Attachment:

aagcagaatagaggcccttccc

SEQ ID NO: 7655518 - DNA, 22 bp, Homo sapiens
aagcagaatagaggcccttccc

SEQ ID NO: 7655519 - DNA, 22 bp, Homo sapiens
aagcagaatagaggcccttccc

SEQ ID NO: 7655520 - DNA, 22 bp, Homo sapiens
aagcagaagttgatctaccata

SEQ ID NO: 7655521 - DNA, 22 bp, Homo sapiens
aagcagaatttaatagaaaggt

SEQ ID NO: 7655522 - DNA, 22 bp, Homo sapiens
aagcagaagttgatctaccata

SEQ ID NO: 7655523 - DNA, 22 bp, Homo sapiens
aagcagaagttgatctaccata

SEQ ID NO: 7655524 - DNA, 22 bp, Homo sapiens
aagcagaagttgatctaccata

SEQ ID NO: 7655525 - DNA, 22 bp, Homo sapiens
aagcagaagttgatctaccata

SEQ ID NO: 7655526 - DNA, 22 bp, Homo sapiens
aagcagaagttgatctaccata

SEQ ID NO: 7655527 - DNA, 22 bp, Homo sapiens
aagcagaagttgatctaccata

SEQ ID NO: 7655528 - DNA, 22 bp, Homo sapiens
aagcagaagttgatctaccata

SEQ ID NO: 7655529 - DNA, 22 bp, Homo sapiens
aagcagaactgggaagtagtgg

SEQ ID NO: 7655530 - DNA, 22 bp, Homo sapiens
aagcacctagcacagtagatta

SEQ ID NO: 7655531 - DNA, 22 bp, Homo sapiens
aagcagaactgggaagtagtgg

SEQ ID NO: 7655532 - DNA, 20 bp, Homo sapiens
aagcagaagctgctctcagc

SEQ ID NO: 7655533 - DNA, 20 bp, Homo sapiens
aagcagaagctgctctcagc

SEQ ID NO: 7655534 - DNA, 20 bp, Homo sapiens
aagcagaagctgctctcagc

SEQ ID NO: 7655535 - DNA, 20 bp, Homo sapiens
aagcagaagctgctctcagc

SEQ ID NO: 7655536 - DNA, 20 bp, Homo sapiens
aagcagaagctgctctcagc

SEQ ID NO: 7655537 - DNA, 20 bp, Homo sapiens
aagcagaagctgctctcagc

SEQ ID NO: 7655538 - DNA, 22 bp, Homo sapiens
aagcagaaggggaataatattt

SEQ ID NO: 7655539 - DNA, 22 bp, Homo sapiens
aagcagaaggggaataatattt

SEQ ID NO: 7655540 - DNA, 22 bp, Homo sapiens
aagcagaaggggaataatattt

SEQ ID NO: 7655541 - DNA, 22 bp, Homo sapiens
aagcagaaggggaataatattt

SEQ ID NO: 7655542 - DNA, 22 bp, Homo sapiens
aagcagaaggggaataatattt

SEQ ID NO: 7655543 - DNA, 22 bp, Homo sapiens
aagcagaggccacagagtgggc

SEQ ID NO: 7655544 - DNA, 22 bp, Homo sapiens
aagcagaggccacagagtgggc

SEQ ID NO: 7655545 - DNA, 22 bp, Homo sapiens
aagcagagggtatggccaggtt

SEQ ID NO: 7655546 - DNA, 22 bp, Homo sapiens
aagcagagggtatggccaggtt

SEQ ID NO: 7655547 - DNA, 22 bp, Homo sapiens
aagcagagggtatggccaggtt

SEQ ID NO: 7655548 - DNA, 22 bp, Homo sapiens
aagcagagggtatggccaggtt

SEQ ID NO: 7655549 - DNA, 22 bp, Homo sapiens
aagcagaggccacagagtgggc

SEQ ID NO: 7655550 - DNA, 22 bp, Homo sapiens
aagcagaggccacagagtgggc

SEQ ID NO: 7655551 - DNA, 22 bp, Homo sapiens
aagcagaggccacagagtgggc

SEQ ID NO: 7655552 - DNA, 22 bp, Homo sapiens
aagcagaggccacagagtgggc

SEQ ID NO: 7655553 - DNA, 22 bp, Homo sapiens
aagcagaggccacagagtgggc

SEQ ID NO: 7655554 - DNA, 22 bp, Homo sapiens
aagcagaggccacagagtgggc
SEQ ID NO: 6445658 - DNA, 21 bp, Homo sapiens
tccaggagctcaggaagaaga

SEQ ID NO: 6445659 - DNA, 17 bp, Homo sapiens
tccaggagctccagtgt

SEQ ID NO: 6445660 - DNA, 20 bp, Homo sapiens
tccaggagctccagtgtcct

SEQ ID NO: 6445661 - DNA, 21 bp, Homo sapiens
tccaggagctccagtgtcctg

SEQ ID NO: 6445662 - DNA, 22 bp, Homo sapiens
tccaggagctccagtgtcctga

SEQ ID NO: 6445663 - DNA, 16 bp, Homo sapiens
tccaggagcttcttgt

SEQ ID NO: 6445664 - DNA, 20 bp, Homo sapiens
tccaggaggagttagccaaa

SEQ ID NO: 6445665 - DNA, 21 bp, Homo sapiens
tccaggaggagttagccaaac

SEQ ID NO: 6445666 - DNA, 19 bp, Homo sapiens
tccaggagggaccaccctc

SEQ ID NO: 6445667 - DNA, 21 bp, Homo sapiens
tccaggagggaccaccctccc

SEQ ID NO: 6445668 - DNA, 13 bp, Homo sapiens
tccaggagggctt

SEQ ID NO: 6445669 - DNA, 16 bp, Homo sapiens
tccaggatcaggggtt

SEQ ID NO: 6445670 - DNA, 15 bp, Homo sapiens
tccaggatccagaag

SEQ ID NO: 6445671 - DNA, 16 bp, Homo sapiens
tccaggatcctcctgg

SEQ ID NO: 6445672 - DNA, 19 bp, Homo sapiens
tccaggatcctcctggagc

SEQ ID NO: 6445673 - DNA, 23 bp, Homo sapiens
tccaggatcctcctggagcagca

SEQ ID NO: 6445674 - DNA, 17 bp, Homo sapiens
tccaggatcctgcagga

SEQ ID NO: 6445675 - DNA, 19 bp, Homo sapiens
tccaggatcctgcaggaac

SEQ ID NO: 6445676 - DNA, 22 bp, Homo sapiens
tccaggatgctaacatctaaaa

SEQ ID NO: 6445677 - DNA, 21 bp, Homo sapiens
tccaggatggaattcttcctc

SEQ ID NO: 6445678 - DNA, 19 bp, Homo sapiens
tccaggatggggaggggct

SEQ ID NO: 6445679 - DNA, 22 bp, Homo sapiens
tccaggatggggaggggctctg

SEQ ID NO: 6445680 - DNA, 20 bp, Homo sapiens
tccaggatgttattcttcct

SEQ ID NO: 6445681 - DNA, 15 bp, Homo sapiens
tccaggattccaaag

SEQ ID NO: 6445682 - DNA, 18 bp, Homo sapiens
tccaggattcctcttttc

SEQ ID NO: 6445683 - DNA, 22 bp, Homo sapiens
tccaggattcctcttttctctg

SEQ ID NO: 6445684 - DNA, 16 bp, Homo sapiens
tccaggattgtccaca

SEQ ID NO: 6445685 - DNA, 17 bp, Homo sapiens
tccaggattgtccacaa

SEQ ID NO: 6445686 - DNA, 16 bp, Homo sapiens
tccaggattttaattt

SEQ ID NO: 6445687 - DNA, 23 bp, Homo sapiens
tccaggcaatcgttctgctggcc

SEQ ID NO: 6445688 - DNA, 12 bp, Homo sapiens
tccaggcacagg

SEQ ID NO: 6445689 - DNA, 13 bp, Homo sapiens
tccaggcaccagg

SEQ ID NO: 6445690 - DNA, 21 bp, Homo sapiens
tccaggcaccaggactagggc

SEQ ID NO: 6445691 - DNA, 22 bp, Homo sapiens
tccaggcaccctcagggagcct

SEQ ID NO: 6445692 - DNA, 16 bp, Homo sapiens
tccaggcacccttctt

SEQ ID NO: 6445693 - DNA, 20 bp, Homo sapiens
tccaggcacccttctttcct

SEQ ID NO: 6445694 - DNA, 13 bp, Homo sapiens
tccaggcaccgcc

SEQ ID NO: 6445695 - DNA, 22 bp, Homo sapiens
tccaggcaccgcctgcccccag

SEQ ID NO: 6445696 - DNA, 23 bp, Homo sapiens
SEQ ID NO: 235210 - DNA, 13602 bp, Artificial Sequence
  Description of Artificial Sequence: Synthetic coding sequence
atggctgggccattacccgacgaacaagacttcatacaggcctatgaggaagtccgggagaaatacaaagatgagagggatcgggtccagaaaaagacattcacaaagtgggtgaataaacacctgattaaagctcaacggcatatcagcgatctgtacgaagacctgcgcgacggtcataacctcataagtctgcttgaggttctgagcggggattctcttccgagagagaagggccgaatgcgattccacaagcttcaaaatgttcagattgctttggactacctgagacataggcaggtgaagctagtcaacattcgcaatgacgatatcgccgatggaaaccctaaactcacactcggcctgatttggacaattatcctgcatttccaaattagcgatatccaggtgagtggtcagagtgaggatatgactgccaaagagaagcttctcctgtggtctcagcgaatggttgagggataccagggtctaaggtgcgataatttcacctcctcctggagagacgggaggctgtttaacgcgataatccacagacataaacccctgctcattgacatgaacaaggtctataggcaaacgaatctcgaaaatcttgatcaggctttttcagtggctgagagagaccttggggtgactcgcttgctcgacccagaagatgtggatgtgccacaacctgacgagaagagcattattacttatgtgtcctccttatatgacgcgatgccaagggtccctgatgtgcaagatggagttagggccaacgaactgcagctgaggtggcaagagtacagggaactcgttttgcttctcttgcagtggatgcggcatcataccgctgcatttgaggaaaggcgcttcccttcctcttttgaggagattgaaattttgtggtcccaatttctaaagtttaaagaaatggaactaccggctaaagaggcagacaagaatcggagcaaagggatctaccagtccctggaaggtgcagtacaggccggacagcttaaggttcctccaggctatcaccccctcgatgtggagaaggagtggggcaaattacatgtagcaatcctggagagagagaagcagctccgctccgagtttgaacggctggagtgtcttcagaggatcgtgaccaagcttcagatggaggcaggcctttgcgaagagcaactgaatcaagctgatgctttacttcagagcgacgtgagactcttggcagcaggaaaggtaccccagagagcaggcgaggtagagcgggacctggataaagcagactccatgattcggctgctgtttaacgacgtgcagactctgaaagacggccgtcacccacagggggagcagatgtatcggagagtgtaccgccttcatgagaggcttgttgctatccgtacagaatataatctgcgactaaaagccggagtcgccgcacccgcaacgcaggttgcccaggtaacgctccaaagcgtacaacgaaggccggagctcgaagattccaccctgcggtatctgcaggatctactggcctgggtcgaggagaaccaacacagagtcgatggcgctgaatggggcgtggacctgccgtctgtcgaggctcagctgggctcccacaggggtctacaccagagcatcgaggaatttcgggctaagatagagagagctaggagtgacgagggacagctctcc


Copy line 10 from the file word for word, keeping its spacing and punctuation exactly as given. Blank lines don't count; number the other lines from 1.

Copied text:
SEQ ID NO: 7655522 - DNA, 22 bp, Homo sapiens